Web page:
By Joey Barnes, Editor-in-Chief
INDIANAPOLIS – James Hinchcliffe soared to the top of the pylon in one of the most dramatic Indy 500 qualifying sessions in recent memory, solidifying himself into the Fast Nine Shootout with a chance to win the pole on Sunday for the 100th Indianapolis 500 on May 29, 2016.
Hinchcliffe’s first qualifying attempt wasn’t fast enough to advance, but in the final 30 minutes of the session the Canadian went out again and put down an electrifying four lap average of 230.946 mph in his No. 5 Arrow Schmidt Peterson Motorsports Honda.
The remarkable run is just another step in Hinchcliffe’s phenomenal comeback since his horrific accident at Indy last May.
“All the credit to the guys on the Arrow Electronics car; that thing is a rocket ship,” Hinchcliffe said. “We even dialed the engine back on that last lap. Not being cocky, but we knew we were pretty safe in the fast nine. That’s the goal today.
“Being fastest doesn’t really mean anything or pay anything, but it’s certainly a nice cherry on top. I can’t thank the boys enough. What a difference a year makes. It validates all the effort the guys have put in. These cars started getting put together back in February. They put so much effort into the cars for the month of May.”
With less than 10 minutes remaining in the day, Marco Andretti went out for his third attempt and knocked out Andretti Autosport teammate Ryan Hunter-Reay. Prepared for it, the 2014 Indy 500 champion went back out for his third attempt and dropped a session-best first lap of 231.315 mph. Pushing Andretti out of the Fast Nine and nearly taking the top spot from Hinchcliffe.
Just seconds before the final gun went off to expire the session, Mikhail Aleshin paced the 2.5-mile oval for the final run of the day. The Russian had been sliding around all afternoon, but managed to put together a 230.209 four lap average together to end up seventh on the grid and pushed rookie Alexander Rossi out of the Fast Nine.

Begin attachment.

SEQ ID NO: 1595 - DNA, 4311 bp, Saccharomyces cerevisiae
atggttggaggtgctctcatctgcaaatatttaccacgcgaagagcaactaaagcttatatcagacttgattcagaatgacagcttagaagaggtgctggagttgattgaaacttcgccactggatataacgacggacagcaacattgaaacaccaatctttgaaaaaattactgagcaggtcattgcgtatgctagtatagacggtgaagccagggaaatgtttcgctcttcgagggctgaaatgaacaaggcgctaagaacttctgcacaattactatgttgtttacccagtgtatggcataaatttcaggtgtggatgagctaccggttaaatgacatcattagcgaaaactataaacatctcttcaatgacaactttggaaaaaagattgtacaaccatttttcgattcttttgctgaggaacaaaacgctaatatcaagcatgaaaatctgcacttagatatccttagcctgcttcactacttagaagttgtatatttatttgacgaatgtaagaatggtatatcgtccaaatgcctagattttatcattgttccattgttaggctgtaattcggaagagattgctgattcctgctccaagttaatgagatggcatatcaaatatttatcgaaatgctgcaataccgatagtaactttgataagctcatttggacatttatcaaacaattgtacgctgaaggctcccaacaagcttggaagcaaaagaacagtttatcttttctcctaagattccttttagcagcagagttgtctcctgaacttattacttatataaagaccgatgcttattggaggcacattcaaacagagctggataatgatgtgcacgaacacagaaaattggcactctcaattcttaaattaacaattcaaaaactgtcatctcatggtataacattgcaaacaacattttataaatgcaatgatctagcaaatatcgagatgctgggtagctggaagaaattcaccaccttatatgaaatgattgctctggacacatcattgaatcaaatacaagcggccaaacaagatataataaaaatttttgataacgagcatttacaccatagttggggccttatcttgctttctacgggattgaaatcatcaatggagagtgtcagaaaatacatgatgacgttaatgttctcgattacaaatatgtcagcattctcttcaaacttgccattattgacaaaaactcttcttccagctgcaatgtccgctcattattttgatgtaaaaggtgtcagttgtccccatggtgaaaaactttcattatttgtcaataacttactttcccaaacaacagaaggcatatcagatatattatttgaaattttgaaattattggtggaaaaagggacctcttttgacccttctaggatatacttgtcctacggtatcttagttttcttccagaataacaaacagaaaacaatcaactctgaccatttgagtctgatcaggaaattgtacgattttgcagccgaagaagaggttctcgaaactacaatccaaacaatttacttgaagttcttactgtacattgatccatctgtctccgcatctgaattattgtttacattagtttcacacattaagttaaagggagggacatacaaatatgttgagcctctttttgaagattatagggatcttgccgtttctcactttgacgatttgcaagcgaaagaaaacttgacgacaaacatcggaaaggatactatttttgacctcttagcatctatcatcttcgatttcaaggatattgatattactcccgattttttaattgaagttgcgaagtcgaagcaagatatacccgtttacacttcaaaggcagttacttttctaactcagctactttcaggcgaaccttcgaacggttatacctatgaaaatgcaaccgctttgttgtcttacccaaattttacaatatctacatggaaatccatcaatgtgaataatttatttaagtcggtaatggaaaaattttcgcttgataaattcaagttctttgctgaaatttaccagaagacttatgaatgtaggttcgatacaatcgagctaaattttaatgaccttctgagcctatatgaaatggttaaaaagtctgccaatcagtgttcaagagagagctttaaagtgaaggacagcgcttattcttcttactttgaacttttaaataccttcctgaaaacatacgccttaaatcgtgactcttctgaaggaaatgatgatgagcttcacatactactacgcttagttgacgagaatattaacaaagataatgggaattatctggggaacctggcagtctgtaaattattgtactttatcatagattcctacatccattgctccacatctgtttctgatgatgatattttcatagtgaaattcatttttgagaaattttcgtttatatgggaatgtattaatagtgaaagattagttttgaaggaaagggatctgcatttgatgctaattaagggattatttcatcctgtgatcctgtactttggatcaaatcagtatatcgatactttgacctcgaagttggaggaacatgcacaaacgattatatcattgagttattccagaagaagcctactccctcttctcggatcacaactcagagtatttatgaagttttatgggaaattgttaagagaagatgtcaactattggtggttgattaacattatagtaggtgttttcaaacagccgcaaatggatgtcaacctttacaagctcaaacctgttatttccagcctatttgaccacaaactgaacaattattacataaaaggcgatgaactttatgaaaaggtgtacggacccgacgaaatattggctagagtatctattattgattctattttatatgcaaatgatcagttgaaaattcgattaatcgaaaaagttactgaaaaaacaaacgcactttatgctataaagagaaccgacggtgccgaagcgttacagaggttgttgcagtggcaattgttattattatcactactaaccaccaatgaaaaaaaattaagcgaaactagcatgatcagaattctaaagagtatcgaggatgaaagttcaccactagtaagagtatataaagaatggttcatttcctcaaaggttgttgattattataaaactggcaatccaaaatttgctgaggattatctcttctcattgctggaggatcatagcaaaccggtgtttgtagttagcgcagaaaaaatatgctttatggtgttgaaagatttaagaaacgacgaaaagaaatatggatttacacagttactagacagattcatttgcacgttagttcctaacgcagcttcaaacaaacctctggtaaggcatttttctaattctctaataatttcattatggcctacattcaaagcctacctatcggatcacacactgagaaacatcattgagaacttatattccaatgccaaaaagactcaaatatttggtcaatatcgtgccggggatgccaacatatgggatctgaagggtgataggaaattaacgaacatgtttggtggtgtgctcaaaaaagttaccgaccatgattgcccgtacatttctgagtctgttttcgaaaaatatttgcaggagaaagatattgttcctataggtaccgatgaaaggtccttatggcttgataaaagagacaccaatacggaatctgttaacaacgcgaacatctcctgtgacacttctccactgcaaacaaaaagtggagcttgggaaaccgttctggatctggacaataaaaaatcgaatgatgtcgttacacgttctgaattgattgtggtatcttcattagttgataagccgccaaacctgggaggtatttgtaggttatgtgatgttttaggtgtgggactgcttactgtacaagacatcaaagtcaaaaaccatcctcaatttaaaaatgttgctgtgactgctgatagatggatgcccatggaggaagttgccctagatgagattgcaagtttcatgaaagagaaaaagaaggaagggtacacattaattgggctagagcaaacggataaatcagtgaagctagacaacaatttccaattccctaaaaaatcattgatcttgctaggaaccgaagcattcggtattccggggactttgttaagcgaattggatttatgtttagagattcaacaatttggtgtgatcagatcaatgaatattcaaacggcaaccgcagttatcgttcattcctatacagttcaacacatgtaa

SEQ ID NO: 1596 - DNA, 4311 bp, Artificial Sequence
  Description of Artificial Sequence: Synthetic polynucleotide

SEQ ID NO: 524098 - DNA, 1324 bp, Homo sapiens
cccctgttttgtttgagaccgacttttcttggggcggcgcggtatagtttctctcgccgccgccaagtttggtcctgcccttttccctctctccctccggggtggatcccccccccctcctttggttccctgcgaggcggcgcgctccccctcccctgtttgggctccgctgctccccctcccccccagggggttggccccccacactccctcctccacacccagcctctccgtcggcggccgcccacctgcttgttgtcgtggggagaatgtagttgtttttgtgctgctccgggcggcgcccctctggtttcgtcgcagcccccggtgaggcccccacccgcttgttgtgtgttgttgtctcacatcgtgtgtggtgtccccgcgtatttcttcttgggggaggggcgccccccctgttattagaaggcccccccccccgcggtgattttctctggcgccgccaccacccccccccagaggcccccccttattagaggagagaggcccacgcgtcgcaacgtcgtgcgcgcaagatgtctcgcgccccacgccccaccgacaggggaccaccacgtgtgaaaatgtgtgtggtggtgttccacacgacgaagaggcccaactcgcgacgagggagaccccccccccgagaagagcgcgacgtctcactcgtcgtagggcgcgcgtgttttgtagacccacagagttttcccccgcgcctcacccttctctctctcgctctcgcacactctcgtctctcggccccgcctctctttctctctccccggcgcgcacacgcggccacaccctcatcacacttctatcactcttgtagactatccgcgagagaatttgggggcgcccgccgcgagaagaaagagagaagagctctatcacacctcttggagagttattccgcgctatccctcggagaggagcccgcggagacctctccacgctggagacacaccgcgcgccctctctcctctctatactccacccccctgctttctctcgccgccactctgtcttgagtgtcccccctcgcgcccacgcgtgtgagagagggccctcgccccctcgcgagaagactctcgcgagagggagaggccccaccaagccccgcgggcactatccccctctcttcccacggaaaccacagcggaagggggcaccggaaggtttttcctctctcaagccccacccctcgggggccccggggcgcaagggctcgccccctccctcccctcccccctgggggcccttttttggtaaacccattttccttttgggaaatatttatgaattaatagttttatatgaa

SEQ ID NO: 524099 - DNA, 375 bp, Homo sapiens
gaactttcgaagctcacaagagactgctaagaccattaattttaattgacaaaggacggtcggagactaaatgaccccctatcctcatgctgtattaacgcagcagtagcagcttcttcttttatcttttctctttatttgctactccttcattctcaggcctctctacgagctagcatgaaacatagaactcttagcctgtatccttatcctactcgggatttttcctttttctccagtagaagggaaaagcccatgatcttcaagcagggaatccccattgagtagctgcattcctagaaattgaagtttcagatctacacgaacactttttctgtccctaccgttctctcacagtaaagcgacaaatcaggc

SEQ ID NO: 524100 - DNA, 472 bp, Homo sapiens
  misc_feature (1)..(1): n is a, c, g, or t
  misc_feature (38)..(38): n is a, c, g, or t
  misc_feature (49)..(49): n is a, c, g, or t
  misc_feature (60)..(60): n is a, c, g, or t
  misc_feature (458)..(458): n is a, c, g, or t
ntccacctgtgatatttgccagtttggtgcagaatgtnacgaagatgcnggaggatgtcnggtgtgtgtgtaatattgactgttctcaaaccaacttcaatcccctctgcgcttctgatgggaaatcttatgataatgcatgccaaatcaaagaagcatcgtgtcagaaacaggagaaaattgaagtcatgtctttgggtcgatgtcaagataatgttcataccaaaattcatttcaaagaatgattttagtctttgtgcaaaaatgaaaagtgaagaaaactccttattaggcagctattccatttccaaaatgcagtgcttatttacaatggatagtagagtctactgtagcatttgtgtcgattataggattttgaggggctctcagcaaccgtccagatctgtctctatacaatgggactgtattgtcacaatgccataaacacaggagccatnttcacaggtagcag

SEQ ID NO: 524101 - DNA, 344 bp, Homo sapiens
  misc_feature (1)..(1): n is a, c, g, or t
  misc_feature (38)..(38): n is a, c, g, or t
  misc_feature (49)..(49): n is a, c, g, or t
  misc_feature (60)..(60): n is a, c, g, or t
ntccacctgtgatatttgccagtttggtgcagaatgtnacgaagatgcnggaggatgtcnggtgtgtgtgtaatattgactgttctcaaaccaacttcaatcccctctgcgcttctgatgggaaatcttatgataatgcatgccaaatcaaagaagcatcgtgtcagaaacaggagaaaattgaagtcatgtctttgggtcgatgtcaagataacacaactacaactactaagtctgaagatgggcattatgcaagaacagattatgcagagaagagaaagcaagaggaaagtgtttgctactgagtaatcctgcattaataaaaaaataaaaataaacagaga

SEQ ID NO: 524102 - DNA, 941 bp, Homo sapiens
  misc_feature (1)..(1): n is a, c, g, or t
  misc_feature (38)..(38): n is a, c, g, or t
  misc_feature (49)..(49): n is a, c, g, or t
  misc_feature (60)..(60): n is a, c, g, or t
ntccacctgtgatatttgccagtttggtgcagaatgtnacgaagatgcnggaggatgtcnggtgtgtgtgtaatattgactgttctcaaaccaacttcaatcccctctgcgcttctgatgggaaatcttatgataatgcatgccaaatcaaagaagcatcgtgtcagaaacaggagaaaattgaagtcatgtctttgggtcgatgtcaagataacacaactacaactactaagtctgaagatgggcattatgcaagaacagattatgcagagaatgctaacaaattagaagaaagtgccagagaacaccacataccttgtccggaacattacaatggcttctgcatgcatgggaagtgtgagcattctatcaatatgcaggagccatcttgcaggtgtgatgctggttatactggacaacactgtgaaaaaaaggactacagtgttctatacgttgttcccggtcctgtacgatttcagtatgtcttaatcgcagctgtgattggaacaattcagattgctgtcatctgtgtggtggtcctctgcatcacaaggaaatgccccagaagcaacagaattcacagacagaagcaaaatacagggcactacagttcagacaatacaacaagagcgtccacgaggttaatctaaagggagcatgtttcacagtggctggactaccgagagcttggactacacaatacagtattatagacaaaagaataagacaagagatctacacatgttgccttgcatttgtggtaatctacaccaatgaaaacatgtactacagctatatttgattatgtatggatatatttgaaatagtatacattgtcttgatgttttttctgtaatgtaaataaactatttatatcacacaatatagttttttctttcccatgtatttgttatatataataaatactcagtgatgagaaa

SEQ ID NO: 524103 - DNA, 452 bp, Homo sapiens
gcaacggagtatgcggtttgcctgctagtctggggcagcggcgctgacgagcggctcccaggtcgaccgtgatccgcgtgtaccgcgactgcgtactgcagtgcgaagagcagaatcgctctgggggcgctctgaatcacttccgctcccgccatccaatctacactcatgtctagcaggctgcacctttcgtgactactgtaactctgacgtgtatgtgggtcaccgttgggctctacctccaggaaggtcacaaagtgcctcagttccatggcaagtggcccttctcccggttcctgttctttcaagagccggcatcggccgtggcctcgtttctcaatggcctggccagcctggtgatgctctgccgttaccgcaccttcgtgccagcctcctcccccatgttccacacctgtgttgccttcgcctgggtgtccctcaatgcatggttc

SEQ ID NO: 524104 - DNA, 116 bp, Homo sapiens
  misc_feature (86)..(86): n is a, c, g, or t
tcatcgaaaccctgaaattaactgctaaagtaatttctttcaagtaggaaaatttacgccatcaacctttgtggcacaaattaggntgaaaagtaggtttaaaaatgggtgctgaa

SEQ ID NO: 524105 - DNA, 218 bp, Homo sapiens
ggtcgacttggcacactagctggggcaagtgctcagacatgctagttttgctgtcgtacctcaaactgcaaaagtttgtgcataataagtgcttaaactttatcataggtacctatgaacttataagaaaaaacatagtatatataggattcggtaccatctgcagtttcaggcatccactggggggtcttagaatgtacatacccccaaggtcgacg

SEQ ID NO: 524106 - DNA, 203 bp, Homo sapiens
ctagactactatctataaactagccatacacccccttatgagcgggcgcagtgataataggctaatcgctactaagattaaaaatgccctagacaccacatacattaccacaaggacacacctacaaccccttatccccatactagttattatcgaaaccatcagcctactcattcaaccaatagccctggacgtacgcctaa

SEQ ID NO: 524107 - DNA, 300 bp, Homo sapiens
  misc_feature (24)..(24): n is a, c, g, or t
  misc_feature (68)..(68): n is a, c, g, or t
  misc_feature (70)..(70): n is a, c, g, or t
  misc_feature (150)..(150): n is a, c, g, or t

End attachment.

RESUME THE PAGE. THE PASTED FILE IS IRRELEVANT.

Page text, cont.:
Surprisingly, no one from Chip Ganassi Racing advanced. Scott Dixon managed a team-best 13th on the timesheets, while both Tony Kanaan and Charlie Kimble struggled to find speed.
Rookie Max Chilton was the only driver to not attempt a lap after wrecking his primary car in pre-qualifying practice.
Pippa Mann was the only driver that ran into trouble on the day. Upon entering Turn 2 on her first qualifying attempt, her Dale Coyne Racing Honda suffered a rear endfence failure, sending Mann into the wall and ending the 32-year-old’s day.
“The rear end, unfortunately, just took off on me there into Turn 2,” Mann said. “We don’t know why. Going to go back, look at the data, put some new suspension pieces on it, new front wing and rear wing on it — hopefully there’s nothing worse than that — go again.”
Aside from the usual suspects, other notables that jumped into the Fast Nine include Townsend Bell, Josef Newgarden and Carlos Munoz.
The pace all week has been exceptional from Bell and Munoz, and neither disappointed as they helped advance a third of the Fast Nine.
The biggest surprise on the day may have come from Graham Rahal, whose No. 15 Steak ‘n Shake Honda failed to find the pace to match anyone near the top 10 in and ended up marred mid-pack in 21st.
Image: Chris Jones/INDYCAR